πŸ…³πŸ…΄πŸ†‚πŸ†„πŸ†„πŸ…Ώ πŸ…ΎπŸ…½ πŸ…³πŸ†„πŸ†ƒπŸ†ˆ

Kinzang whisks away the two plastic stools from outside the shop that has become a familiar routine for her, her desuup friends and many others like them, across the country. This will be her work station for the day and for the many days she is posted here. Dressed smartly in her orange uniform, a card displaying her COVID duty and zone, she sets down the visitor log book infront of her on one of the stools and on the other, she sits, to make entries of visitors without the druk trace app.

Desuup Kinzang on duty

She is at ease and calm as she goes about her business. It is not new to her, having done it for the last 25 days of the lockdown. Like her and her group, hundreds of desuups have been posted outside shops catering essentials to residents in and around Thimphu city during the 2nd national lockdown. The shop she has been assigned to was opened recently as part of the second lot of shops to allow clearance of stock and also, allow residents better access to essentials. With her back rested against the wall of the staircase running upto the next level of the building, she makes herself comfortable on the plastic stool she set a moment ago. She then flips open the log book with her gloved hands and draws out a pen from the top left pocket of her uniform, and waits for shoppers in the warm slanting rays of the morning sun.

As shoppers arrive in ones and twos, she politely asks if they have druk trace app. She offers the alternative of registering in the log book for those without. She then asks them to wash their hands with water and soap placed two steps away from here towards the entrance of the shop. Shoppers happily comply; washing their hands and scanning the QR code pasted on the glass door of the shop. Aiming the phones, it is quite the sight to watch, shoppers frame the code like a subject of a photography competition and with a cling sound ringing from their phone, they enter the shop for essentials.

As the clock ticks away, Kinzang continues greeting shoppers with her friendly voice from behind a double layered covering of the face mask and face shield. It is hard to imagine how she looks beneath all of that but her warm and comforting voice helps paint a picture of her kind face to the name on her uniform. As the late afternoon chill sets in, she slips on her dark coloured jacket to keep her warm as it is still a few hours before her post will close for the day.

Kinzang and hundreds of desuups like her, stationed across shops all around the country including Thimphu, made shopping amidst this tense and trying times a little more bearable, a little more normal with their pleasant greetings and a feeling of social interaction. As we begin unlocking, these friendly voices behind the face-mask and face-shields will slowly dissolve away, and when we meet next we may not recognize one another, but memories of these small but warm interactions during a time only read in books and viewed in fiction movies, will forever remain etched in our hearts, to be returned someday.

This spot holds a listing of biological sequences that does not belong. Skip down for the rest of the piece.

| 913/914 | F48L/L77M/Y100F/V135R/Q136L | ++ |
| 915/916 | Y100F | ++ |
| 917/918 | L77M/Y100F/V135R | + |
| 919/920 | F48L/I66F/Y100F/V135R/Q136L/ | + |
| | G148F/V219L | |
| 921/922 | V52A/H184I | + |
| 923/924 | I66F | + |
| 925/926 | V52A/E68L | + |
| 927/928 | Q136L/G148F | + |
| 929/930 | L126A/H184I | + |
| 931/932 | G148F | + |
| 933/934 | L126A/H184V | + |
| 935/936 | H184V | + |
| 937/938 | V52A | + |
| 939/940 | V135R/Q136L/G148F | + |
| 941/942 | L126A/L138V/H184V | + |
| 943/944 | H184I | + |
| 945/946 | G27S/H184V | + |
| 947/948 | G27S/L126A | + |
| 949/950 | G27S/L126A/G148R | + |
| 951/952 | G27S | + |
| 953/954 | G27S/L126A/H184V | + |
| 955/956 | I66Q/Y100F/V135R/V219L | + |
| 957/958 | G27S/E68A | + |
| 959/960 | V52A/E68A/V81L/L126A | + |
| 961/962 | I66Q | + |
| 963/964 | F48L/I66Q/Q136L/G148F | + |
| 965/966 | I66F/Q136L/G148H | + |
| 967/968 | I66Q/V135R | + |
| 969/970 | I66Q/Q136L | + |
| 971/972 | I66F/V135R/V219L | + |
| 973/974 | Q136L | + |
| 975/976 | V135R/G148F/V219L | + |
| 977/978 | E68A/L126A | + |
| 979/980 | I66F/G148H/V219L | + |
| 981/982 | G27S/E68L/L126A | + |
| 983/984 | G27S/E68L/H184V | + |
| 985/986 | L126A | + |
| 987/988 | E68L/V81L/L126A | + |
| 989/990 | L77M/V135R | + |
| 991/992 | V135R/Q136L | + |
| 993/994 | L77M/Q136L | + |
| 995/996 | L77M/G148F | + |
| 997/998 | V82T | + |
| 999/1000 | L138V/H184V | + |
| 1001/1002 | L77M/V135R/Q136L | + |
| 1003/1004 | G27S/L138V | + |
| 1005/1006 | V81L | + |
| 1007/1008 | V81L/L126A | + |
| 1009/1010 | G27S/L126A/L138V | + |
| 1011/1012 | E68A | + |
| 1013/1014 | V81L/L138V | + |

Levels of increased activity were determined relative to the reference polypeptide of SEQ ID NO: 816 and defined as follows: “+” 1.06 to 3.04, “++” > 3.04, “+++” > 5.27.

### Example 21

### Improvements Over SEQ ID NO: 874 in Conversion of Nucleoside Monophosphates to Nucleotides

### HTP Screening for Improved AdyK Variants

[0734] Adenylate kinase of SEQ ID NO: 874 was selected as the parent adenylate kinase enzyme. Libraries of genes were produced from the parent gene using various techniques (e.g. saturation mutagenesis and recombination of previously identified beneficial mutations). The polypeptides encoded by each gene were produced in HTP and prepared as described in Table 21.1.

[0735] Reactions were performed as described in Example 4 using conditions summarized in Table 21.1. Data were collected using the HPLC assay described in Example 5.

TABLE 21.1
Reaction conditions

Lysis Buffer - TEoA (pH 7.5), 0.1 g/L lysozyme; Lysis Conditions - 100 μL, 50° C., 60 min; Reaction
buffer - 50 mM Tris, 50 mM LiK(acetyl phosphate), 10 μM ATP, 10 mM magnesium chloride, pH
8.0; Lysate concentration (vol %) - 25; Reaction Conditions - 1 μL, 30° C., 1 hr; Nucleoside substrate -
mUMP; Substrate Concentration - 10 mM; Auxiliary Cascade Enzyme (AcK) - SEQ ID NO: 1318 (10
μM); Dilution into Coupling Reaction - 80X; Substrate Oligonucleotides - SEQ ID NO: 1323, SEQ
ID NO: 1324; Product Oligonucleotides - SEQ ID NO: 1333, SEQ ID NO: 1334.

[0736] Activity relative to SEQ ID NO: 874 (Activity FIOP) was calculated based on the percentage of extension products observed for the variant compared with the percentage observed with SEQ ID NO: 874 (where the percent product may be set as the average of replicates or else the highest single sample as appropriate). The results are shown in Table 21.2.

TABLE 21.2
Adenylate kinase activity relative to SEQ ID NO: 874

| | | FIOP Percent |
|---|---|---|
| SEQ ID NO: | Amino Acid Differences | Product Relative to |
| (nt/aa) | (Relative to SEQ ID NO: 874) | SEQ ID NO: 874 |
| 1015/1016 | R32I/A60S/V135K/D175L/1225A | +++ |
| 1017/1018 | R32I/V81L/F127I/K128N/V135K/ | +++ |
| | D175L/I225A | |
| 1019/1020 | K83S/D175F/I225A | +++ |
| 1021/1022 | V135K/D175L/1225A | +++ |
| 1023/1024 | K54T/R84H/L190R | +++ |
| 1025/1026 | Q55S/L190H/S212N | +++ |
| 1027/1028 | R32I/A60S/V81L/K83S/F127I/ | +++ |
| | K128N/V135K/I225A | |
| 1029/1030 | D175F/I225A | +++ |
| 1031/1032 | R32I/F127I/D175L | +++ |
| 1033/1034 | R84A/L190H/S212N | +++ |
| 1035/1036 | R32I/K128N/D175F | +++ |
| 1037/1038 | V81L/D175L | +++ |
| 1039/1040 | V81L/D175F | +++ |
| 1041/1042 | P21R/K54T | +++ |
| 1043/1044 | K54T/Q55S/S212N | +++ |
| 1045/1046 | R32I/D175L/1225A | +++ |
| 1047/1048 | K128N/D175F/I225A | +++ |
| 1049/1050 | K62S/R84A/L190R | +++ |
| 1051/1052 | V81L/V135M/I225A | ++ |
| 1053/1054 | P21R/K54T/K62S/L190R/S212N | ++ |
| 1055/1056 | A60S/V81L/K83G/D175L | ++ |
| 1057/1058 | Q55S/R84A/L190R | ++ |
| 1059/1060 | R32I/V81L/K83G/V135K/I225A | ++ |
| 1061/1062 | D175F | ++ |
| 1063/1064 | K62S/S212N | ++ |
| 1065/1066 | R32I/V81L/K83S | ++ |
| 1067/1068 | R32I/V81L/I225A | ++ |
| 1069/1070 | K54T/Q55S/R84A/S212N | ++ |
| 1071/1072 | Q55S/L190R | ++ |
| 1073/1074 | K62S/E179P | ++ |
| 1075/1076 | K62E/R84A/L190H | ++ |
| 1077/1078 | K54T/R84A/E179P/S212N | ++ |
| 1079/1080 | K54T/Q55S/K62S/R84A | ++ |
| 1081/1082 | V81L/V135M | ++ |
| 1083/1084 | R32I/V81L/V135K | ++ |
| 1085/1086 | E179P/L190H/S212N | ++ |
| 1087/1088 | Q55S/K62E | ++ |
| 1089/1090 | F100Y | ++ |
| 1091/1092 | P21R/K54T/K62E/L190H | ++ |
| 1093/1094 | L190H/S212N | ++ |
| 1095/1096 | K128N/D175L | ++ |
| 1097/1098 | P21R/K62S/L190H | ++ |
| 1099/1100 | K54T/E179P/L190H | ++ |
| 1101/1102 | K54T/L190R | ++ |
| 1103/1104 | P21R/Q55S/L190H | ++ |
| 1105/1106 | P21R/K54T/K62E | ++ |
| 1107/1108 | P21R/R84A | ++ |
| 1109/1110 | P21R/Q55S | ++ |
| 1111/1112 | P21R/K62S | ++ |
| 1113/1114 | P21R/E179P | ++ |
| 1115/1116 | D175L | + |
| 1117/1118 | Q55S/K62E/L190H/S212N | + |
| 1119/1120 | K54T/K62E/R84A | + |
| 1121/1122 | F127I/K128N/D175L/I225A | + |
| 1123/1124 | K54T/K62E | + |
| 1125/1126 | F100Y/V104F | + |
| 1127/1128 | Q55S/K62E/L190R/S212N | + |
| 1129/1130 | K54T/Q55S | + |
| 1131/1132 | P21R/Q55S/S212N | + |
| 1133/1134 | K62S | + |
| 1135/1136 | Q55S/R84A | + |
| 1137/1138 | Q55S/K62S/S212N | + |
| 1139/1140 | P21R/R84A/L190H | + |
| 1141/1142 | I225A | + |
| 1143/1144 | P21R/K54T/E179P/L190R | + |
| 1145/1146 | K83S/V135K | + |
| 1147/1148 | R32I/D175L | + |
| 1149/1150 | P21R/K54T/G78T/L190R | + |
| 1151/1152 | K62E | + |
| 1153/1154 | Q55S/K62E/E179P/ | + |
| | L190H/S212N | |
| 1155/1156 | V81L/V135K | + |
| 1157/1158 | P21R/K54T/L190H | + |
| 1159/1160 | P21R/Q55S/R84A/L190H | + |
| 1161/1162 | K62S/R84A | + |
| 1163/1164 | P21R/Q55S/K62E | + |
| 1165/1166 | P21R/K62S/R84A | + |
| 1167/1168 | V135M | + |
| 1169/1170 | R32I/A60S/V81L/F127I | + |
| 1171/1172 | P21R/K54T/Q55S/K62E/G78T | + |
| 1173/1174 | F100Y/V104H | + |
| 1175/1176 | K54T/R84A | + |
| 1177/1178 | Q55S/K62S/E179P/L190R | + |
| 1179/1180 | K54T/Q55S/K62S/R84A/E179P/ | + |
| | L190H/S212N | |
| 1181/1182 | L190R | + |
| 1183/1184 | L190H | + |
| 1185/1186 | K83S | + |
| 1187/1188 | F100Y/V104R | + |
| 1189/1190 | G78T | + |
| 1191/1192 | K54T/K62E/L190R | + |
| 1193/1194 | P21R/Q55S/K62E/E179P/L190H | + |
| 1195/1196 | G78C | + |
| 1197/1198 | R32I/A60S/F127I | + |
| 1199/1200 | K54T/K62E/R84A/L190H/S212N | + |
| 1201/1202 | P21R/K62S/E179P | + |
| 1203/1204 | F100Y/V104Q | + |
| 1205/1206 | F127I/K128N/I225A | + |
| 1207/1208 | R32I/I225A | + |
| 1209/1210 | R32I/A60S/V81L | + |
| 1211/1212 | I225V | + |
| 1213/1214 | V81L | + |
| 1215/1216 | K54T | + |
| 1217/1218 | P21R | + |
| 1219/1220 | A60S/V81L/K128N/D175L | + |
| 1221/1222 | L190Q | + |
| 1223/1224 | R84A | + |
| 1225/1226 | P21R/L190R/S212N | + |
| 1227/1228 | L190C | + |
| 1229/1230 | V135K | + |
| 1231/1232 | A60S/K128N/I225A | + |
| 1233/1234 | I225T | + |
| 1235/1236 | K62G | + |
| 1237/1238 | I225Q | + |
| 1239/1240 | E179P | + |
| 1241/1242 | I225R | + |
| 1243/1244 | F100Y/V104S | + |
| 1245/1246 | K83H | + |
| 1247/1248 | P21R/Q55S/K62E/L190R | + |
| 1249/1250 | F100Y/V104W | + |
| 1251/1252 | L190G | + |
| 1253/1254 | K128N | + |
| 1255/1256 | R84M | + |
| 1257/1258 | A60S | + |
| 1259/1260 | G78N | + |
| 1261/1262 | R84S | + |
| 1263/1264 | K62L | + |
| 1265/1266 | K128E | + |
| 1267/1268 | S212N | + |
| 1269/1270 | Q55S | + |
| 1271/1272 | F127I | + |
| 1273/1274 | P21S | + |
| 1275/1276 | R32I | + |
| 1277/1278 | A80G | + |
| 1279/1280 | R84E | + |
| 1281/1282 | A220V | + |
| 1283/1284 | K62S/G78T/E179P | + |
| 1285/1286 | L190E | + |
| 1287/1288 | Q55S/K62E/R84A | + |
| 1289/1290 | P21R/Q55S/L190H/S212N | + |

This is dedicated to all desuups, playing an active role during this hour of need and remaining true to the spirit of desuung as we follow our Supreme Commander. Tisso!

#Bhutan #desuung #thimphu #lockdowndiaries

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ΚŸα΄œΙ΄α΄€Ι΄α΄€β€™κœ± ᴏᴑɴ α΄…α΄€α΄œΙ’Κœα΄›α΄‡Κ€ Κ€α΄‡α΄›α΄œΚ€Ι΄κœ± ᴛᴏ κœ±α΄‡Κ€α΄ α΄‡

As the curtain closes in on a tumultuous year, I want to share a lesser known story of hope and optimism in these last few hours at the cusp of the new year.

Life is like a Marathon. It requires grit and determination to cross the finish line. Dreams in life are much like marathons. For Dema, the daughter of a yak herder from far flung Lunana, from the remotest part of the country, it was to be a nurse oneday and serve her community. But dreams hardly ever turn out easy to fulfil and Dema’s was no exception.

She lost her mother when she needed her the most. Her future looked bleak with financial constraints. She felt like a burden to her relatives. There were times when she was at the verge of giving up on her dreams.

Perhaps her late mother’s birthplace had planted her roots too deep and strong to give up on it. Or maybe it was the harsh lunana conditions that prepared her for life’s marathon of challenges. She clung onto her dream like a yak calf surviving on a meager patch of dried winter grass, until the arrival of spring’s lushness and bounty. Her waiting was about to be rewarded and her luck was about to take a turn for the better.

In 2016, after she approached the Office of the Gyalpoi Zimpoen, there was no looking back. It appeared that the calf had survived the harsh bitter winter and spring had finally arrived. She received kidu from His Majesty The King to pursue her dream of studying nursing, in India.

Dema is today a staff nurse, serving as part of the team at the Basic Health Unit in Lhedi in Lunana. She has grown into a young and strong cow who provides care and protection to the young, old and weaker members of her herd [metaphorically]. Dema’s life has made a full circle. Her dreams have come true. Lunana’s own daughter has returned to serve her far flung and remote community in Lunana.

πŸ…»πŸ…ΎπŸ…½πŸ…Ά πŸ…»πŸ…ΈπŸ†…πŸ…΄ πŸ…·πŸ…ΈπŸ†‚ πŸ…ΌπŸ…°πŸ…ΉπŸ…΄πŸ†‚πŸ†ƒπŸ†ˆ πŸ†ƒπŸ…·πŸ…΄ πŸ…ΊπŸ…ΈπŸ…½πŸ…Ά.

πŸ…ΏπŸ…΄πŸ…»πŸ…³πŸ…΄πŸ…½ πŸ…³πŸ†πŸ†„πŸ…ΊπŸ…ΏπŸ…° πŸ…ΆπŸ…°πŸ†ˆπŸ…»πŸ…Ύ!

In the pictures she can be seen administering flu vaccine to members of her community. I first met Dema in 2015 in her village Threlga in Lunana.

[Shared with permission from Dema]

Dema living her dream of serving her community
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